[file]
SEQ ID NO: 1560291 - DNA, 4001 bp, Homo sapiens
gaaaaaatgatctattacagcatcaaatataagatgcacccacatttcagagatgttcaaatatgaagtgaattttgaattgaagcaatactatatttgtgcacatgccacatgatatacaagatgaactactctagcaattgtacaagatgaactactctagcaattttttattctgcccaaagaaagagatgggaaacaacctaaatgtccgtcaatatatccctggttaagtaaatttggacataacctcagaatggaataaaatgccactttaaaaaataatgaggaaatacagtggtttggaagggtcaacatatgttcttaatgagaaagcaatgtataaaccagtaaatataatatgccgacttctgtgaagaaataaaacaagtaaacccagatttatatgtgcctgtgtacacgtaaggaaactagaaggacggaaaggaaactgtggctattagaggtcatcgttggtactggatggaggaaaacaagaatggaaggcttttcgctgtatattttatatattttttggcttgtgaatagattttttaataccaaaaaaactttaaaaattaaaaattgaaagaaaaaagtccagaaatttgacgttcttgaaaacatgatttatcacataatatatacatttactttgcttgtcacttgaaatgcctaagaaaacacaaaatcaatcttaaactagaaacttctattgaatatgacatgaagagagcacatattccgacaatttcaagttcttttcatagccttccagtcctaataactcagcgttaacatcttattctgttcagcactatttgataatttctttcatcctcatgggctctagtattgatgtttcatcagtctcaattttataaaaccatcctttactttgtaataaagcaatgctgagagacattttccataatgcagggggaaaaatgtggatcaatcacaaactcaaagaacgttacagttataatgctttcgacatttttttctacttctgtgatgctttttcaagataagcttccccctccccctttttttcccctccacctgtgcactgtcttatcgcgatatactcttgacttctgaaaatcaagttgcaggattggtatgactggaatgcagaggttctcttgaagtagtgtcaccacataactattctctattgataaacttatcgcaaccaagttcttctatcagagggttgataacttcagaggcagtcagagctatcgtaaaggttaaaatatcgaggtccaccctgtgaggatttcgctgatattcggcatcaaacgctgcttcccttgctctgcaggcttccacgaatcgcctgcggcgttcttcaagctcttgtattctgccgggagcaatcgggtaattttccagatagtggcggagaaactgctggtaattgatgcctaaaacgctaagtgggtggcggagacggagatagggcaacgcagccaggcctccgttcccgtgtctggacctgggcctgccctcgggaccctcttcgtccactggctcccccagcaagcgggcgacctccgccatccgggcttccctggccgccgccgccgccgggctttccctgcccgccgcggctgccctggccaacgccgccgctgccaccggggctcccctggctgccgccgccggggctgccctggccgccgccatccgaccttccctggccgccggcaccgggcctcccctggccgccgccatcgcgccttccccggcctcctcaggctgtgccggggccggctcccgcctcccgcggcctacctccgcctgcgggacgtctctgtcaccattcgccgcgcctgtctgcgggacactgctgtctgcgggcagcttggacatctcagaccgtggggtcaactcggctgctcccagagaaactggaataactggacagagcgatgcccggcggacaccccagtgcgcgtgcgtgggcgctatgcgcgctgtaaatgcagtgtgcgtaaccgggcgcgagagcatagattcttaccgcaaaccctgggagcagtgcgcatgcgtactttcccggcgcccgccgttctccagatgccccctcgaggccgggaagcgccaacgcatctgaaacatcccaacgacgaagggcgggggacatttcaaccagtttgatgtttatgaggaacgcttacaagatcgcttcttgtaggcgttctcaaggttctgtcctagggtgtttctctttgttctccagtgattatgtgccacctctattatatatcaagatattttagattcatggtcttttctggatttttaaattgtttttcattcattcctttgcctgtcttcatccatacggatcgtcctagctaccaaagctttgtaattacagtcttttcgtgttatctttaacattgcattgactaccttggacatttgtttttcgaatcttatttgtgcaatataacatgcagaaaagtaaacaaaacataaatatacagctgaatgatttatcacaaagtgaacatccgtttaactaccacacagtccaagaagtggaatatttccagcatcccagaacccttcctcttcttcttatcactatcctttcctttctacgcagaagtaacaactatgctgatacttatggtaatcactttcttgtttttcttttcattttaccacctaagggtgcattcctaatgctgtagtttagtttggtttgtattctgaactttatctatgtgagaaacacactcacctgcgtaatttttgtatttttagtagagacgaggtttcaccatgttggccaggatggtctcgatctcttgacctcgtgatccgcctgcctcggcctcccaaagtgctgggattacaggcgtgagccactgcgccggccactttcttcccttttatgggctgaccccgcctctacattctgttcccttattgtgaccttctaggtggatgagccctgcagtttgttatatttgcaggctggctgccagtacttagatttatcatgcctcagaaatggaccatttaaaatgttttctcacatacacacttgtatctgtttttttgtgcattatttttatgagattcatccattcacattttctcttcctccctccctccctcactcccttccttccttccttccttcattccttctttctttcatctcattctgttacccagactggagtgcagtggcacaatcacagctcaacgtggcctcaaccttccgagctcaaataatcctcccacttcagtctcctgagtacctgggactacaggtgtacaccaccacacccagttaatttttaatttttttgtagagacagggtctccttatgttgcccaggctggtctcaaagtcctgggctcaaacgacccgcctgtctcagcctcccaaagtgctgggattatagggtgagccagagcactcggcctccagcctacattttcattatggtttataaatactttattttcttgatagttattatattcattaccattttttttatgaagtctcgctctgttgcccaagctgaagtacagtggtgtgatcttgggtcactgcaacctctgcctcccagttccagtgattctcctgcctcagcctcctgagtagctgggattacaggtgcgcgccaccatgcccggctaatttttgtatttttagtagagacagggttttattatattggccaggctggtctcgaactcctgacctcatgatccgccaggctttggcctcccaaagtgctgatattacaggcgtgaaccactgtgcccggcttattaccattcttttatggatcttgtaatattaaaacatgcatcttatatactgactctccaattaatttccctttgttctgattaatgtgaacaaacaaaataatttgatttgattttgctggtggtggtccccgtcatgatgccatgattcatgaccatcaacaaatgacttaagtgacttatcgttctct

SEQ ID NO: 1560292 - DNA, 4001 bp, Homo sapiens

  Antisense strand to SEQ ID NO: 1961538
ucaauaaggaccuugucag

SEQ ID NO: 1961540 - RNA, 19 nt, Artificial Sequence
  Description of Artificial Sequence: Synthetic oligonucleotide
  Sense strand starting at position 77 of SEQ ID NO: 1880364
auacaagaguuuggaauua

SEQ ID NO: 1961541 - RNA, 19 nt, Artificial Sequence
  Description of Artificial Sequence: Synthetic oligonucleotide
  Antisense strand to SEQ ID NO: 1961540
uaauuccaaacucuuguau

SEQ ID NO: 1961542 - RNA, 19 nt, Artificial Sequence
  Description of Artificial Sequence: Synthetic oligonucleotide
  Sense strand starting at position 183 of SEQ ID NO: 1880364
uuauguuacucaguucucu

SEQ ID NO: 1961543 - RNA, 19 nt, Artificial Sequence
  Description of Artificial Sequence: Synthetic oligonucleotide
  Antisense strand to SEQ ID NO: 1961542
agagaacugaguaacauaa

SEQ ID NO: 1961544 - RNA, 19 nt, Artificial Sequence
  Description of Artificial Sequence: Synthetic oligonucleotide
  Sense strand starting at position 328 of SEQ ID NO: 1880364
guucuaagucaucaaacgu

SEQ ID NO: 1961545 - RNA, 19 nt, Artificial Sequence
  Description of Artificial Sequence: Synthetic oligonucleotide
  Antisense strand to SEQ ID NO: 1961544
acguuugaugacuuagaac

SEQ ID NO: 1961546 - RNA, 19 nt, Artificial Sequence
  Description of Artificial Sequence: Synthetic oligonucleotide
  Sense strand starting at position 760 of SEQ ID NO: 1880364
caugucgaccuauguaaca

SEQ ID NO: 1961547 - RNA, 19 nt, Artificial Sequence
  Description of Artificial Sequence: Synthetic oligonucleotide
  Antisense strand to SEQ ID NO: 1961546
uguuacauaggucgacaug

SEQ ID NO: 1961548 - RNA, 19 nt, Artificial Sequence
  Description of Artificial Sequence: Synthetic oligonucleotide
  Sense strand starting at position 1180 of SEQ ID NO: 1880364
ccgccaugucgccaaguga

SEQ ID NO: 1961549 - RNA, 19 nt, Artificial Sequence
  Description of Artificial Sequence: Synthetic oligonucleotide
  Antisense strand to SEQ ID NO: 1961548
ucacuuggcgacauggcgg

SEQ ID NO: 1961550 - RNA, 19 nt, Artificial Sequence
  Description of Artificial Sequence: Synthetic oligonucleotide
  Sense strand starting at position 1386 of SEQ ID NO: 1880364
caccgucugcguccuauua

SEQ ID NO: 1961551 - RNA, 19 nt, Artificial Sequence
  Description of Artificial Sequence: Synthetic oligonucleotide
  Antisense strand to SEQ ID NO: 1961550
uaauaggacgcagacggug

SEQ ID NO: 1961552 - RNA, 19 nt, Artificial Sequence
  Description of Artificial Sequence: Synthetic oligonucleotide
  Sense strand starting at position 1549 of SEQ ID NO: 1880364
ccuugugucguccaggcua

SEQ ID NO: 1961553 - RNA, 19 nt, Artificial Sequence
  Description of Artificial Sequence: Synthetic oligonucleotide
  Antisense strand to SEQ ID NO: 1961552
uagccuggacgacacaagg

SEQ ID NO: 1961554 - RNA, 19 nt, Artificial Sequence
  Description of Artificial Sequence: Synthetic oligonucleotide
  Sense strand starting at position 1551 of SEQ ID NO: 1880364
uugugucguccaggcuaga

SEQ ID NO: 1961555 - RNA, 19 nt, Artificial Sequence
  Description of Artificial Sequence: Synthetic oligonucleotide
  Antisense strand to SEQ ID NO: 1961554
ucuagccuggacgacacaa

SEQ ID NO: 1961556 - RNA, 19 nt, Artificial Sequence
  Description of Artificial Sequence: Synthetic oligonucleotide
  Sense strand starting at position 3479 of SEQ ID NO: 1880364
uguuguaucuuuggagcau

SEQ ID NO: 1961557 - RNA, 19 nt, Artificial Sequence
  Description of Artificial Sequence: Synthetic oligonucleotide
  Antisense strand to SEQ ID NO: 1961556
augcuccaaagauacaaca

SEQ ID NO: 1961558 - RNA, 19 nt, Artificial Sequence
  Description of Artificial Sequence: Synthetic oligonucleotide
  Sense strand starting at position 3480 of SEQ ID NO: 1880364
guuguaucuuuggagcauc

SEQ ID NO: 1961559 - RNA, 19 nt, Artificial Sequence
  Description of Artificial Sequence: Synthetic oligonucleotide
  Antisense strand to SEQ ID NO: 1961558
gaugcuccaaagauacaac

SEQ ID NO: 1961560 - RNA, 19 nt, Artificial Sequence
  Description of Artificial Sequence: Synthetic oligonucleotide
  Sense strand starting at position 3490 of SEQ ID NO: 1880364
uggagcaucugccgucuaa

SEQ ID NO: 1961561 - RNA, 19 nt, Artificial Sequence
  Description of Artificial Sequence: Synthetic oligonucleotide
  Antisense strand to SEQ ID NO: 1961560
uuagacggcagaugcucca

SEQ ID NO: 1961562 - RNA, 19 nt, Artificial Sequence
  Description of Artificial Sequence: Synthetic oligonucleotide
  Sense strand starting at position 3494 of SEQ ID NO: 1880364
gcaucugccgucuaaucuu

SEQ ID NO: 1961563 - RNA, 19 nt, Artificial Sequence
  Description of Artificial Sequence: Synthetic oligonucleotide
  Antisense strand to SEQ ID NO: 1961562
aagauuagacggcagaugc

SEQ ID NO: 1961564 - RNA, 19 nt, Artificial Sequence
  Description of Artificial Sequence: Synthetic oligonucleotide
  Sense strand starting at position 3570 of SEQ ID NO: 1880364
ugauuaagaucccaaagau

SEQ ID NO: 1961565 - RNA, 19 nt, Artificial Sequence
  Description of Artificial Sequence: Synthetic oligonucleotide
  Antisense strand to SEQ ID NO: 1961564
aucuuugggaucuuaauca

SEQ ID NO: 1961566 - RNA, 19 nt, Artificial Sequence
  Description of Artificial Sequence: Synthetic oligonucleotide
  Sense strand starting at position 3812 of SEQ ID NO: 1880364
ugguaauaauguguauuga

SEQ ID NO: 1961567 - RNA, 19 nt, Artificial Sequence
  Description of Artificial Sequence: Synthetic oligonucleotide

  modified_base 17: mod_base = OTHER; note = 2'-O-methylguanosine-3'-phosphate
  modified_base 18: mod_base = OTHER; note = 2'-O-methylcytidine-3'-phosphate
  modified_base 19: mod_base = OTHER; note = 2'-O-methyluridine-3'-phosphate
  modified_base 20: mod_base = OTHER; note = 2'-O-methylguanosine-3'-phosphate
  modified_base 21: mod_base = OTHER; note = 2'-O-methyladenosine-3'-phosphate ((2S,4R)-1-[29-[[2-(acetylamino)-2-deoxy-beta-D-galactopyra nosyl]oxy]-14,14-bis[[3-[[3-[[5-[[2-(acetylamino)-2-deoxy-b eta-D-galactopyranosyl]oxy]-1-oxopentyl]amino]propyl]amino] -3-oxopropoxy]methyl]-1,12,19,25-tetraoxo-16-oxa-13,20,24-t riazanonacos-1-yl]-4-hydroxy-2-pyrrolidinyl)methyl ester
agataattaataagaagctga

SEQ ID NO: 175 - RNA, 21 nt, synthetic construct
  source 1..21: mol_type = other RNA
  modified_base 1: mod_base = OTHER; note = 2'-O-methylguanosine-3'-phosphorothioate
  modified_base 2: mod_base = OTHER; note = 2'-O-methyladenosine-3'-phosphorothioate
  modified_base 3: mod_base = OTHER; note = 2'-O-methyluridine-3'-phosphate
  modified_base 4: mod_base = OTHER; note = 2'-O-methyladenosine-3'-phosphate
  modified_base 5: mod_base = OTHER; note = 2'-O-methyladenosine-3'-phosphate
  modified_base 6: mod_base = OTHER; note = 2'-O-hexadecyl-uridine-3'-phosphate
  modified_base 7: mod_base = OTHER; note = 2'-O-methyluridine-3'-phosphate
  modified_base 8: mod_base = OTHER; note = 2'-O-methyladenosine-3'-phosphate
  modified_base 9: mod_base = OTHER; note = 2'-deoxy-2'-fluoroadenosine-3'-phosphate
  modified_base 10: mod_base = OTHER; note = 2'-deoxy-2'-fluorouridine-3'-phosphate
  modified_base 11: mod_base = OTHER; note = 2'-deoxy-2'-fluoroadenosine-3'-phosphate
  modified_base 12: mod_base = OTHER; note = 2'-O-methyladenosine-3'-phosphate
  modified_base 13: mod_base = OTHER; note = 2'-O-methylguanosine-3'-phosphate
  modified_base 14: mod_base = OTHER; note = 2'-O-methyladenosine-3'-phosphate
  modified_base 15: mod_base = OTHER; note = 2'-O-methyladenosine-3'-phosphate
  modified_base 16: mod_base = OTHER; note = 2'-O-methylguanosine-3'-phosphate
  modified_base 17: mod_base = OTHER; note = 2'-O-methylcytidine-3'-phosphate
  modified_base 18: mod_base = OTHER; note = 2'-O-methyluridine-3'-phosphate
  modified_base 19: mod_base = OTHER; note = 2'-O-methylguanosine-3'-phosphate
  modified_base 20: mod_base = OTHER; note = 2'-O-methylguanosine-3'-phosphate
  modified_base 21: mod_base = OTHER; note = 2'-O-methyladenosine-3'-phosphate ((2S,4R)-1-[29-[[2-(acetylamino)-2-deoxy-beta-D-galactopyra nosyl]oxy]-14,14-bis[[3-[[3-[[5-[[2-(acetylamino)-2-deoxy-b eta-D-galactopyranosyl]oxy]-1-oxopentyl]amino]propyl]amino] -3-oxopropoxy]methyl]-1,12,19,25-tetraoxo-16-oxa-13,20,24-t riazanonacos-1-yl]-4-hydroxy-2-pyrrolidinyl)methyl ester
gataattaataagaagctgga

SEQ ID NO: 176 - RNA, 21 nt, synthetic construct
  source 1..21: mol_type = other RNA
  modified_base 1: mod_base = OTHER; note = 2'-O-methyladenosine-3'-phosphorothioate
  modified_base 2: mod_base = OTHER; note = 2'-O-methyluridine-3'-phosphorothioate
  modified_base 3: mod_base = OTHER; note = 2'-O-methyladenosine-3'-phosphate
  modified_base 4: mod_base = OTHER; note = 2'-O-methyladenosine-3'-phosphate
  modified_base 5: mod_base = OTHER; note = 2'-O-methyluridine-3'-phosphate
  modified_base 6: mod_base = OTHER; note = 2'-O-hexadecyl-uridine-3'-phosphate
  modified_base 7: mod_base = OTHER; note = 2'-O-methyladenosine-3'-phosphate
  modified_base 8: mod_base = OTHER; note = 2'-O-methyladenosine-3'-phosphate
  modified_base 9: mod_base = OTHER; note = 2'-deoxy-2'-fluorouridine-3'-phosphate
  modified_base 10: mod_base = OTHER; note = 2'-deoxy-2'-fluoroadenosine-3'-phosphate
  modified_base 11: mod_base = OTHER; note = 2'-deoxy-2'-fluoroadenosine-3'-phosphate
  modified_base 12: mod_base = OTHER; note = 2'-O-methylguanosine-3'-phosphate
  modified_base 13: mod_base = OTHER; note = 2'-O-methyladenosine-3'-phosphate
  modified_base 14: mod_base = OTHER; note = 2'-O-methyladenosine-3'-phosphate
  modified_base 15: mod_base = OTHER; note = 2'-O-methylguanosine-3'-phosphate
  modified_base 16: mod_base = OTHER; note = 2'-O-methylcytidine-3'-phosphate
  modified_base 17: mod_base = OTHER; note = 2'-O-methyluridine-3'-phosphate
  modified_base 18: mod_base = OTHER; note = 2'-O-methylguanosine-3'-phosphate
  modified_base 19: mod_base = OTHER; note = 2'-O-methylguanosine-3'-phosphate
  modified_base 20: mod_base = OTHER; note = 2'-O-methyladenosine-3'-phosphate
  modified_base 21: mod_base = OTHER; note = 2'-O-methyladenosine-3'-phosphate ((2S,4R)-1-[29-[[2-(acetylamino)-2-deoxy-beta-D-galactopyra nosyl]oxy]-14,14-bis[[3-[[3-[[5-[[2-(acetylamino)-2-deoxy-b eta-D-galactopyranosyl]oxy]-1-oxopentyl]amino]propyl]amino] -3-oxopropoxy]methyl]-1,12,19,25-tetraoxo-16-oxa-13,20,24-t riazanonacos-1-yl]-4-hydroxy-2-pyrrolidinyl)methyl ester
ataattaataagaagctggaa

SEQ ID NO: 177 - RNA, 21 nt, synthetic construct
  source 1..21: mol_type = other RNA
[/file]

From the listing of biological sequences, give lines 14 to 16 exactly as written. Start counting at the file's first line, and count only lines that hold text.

SEQ ID NO: 1961542 - RNA, 19 nt, Artificial Sequence
  Description of Artificial Sequence: Synthetic oligonucleotide
  Sense strand starting at position 183 of SEQ ID NO: 1880364